You don’t believe in the sun, you don’t believe in the moon. You don’t believe in the theory of relativity: either you understand it or you don’t understand it; there is no question of belief. You don’t believe in gravitation; there is no need. Nobody believes in a scientific theory – it is logical. Belief is needed only when something illogical, something utterly absurd, is propounded.
Tertullian said, “I believe in God because it is absurd: Credo Quia Absurdum, my creed is the absurd.”
All beliefs are absurd. If a belief is very logical, it will not create belief in you. So people go on inventing things.
Man is basically a coward, he does not want to inquire. And he does not want to say “I don’t know” either.
Now, that president of the theosophical society who said, “I have heard about this society” – he cannot say that he does not know, he does not have even that much courage. To accept one’s ignorance needs courage. To accept that you don’t know is the beginning of real knowledge. You go on believing, because there are holes in your life which have to be filled, and belief is easily available.
There are three hundred religions on the earth. One truth, and three hundred religions? One God, and three hundred religions? One existence, and three hundred religions? And I am not talking about sects – because each religion has dozens of sects, and then there are sub-sects of sects, and it goes on and on. If you count all the sects and all the sub-sects, then there will be three thousand or even more.
How can so many beliefs, contradictory to each other, go on? People have a certain need – the need not to appear ignorant. How to fulfill this need? Gather a few beliefs. And the more absurd the belief is, the more knowledgeable you appear, because nobody else knows about it.
There are people who believe in a hollow earth, and that inside the earth there is a civilization. Now, if somebody says so you cannot deny it; you cannot accept it, but at least you have to listen attentively. And that serves a purpose: everybody wants to be listened to attentively. And one thing is certain, this man knows more than you. You don’t know whether the earth is hollow or not; this man knows. And who knows? He may be right. He can gather a thousand and one proofs; he can argue for it, he can propound it in such a way that you at least have to be silent if you don’t agree.
Believers and believers and believers – but where is truth? There are so many believers, but where is truth? If John Lilly is right, then the world would be full of truth, you would come across it everywhere. Everybody would have truth, because everybody is a believer. No, it is all nonsense.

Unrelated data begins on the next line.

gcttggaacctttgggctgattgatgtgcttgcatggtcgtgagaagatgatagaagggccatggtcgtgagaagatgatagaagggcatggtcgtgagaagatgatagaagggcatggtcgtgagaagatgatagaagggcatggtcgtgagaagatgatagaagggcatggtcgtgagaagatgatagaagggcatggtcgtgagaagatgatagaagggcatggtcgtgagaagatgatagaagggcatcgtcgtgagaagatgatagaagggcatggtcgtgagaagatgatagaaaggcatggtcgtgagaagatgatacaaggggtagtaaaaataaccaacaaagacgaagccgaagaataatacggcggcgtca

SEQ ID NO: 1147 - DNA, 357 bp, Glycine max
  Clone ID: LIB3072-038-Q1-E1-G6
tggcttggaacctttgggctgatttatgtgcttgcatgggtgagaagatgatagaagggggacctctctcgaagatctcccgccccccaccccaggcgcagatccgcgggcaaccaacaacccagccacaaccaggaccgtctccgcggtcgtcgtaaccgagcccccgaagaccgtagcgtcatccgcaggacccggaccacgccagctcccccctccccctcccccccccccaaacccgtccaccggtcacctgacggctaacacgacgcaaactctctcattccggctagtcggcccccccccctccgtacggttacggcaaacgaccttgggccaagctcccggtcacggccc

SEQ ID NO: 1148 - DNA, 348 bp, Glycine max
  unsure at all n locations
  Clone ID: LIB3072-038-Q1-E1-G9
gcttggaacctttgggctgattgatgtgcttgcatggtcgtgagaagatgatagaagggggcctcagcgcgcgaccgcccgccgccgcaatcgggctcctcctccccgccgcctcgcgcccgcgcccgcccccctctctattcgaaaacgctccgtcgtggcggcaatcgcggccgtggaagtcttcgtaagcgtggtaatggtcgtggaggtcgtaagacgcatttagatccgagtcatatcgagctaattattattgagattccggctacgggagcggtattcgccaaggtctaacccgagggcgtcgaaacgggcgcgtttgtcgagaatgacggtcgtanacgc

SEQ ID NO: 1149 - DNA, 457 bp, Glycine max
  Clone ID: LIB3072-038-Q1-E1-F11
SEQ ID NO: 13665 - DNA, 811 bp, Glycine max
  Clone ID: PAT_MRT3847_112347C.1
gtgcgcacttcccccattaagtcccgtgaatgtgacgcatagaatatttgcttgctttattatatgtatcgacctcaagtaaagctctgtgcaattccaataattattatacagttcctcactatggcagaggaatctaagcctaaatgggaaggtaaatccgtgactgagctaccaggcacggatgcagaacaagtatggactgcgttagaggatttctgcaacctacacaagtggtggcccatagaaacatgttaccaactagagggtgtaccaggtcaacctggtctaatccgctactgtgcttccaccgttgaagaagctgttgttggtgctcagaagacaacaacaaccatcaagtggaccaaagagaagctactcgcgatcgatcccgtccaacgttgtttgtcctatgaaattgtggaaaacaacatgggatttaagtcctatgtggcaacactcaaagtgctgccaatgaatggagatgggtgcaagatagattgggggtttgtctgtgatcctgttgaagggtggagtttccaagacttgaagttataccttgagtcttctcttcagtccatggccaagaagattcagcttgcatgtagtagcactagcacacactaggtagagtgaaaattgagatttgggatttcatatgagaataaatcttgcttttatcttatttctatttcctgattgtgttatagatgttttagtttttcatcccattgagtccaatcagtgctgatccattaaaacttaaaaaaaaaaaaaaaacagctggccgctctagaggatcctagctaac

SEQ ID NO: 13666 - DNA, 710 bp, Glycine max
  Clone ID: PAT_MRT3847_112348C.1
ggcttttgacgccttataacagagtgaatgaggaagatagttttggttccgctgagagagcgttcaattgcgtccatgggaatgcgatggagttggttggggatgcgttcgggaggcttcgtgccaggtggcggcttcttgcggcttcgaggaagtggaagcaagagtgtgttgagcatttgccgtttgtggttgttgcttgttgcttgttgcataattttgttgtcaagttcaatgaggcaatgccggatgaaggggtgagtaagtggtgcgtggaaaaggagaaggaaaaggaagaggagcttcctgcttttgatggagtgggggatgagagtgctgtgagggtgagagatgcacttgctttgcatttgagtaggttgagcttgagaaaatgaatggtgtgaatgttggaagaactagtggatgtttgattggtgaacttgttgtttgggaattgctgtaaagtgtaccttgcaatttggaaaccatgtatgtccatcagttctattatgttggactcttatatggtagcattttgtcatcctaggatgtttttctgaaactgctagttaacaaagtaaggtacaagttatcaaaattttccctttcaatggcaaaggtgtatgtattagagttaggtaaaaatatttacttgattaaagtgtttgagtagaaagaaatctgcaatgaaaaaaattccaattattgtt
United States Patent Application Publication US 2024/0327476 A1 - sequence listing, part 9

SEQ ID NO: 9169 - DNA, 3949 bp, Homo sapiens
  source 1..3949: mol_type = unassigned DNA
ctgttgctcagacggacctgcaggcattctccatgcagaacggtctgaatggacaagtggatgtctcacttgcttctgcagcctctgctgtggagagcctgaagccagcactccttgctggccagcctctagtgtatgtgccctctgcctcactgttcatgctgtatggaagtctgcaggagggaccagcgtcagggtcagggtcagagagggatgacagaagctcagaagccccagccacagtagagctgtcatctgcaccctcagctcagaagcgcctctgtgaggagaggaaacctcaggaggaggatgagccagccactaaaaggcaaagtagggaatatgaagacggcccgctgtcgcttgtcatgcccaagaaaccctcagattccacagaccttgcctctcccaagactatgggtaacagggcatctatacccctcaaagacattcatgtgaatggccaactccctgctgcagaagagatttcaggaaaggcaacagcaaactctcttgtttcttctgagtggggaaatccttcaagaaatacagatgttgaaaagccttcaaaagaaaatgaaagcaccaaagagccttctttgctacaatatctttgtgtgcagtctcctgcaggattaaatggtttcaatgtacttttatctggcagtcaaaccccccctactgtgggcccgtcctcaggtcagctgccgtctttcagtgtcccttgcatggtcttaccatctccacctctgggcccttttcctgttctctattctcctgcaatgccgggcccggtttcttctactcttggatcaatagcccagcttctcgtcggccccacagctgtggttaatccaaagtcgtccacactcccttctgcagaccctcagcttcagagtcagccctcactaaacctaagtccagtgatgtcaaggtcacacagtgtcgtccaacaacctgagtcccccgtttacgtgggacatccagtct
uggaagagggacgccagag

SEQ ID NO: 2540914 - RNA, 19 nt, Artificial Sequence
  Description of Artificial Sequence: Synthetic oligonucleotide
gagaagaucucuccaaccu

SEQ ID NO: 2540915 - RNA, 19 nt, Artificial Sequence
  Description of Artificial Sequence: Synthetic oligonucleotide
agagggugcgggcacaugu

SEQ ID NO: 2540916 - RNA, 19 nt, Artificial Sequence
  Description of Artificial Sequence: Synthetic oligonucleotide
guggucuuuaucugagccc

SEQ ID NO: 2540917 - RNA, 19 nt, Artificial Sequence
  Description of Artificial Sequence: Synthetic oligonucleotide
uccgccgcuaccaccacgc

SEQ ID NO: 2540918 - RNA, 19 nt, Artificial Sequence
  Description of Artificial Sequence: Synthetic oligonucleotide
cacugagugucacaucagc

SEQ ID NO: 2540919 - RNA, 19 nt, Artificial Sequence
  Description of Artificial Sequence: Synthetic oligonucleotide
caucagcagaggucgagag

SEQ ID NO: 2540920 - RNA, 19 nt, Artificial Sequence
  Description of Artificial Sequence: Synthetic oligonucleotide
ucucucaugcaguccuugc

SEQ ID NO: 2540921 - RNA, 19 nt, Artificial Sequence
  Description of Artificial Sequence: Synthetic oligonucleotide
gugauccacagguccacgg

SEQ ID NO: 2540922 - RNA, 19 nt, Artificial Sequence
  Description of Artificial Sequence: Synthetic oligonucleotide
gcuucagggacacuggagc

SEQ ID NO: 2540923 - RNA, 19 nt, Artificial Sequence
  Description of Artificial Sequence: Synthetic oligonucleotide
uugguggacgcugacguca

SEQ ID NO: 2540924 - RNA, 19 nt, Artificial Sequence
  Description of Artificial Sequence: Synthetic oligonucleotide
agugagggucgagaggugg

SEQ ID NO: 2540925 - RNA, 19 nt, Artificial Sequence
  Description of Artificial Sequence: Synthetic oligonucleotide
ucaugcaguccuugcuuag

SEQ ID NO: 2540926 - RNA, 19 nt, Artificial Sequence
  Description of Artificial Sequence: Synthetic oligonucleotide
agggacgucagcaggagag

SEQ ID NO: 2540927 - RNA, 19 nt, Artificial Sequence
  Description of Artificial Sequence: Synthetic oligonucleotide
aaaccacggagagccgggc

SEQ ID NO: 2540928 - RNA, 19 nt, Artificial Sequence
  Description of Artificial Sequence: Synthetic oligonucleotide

He says, “What the mind believes is true or becomes true.” No. What the mind believes is never true, because truth needs no belief. Belief is a barrier to truth. And what the mind believes never becomes true, because truth is not becoming, truth is being; it is already the case. You have to see it – or you can go on avoiding seeing it, but it is there. Nothing has to be added to it, it is eternally there.
And the best way to avoid truth is to believe. Then you need not look at it. Your eyes become full of belief; belief functions as dust on the eyes. You become closed into yourself, the belief becomes a prison around you. Belief closes you: then you are living within yourself in a windowless existence, and you can go on believing whatsoever you want to believe. But remember, it is belief, and belief is a lie.
Let me say that even when the truth is told to you, don’t believe in it! Explore, inquire, search, experiment, experience: don’t believe in it. Even when truth is conveyed to you, if you believe in it, you turn it into a lie. A truth believed is a lie, belief turns truth into a lie.
Believe in Buddha and you believe in a lie. Believe in Christ and you believe in a lie. Don’t believe in Christ, don’t believe in Buddha, don’t believe in me. What I say, listen to it attentively, intelligently; experiment, experience. And when you have experienced, will you need to believe in it? There will be no doubt left, so what will be the point of belief? Belief is a way of repressing doubt: you doubt, hence you need belief.
The rock of belief represses the spring of doubt.
When you know, you know! You know it is so; there is no doubt left. Your experience has expelled all darkness and all doubt. Truth is: you are full of it. Truth never creates belief.
How to attain to truth? By dropping all kinds of beliefs. And remember, I am saying all kinds – belief in me is included. Experience me, come along with me, let me share what I have seen, but don’t believe, don’t be in a hurry. Don’t say, “Now what is the point? Now Osho has seen it, all that is left for me is to believe it.”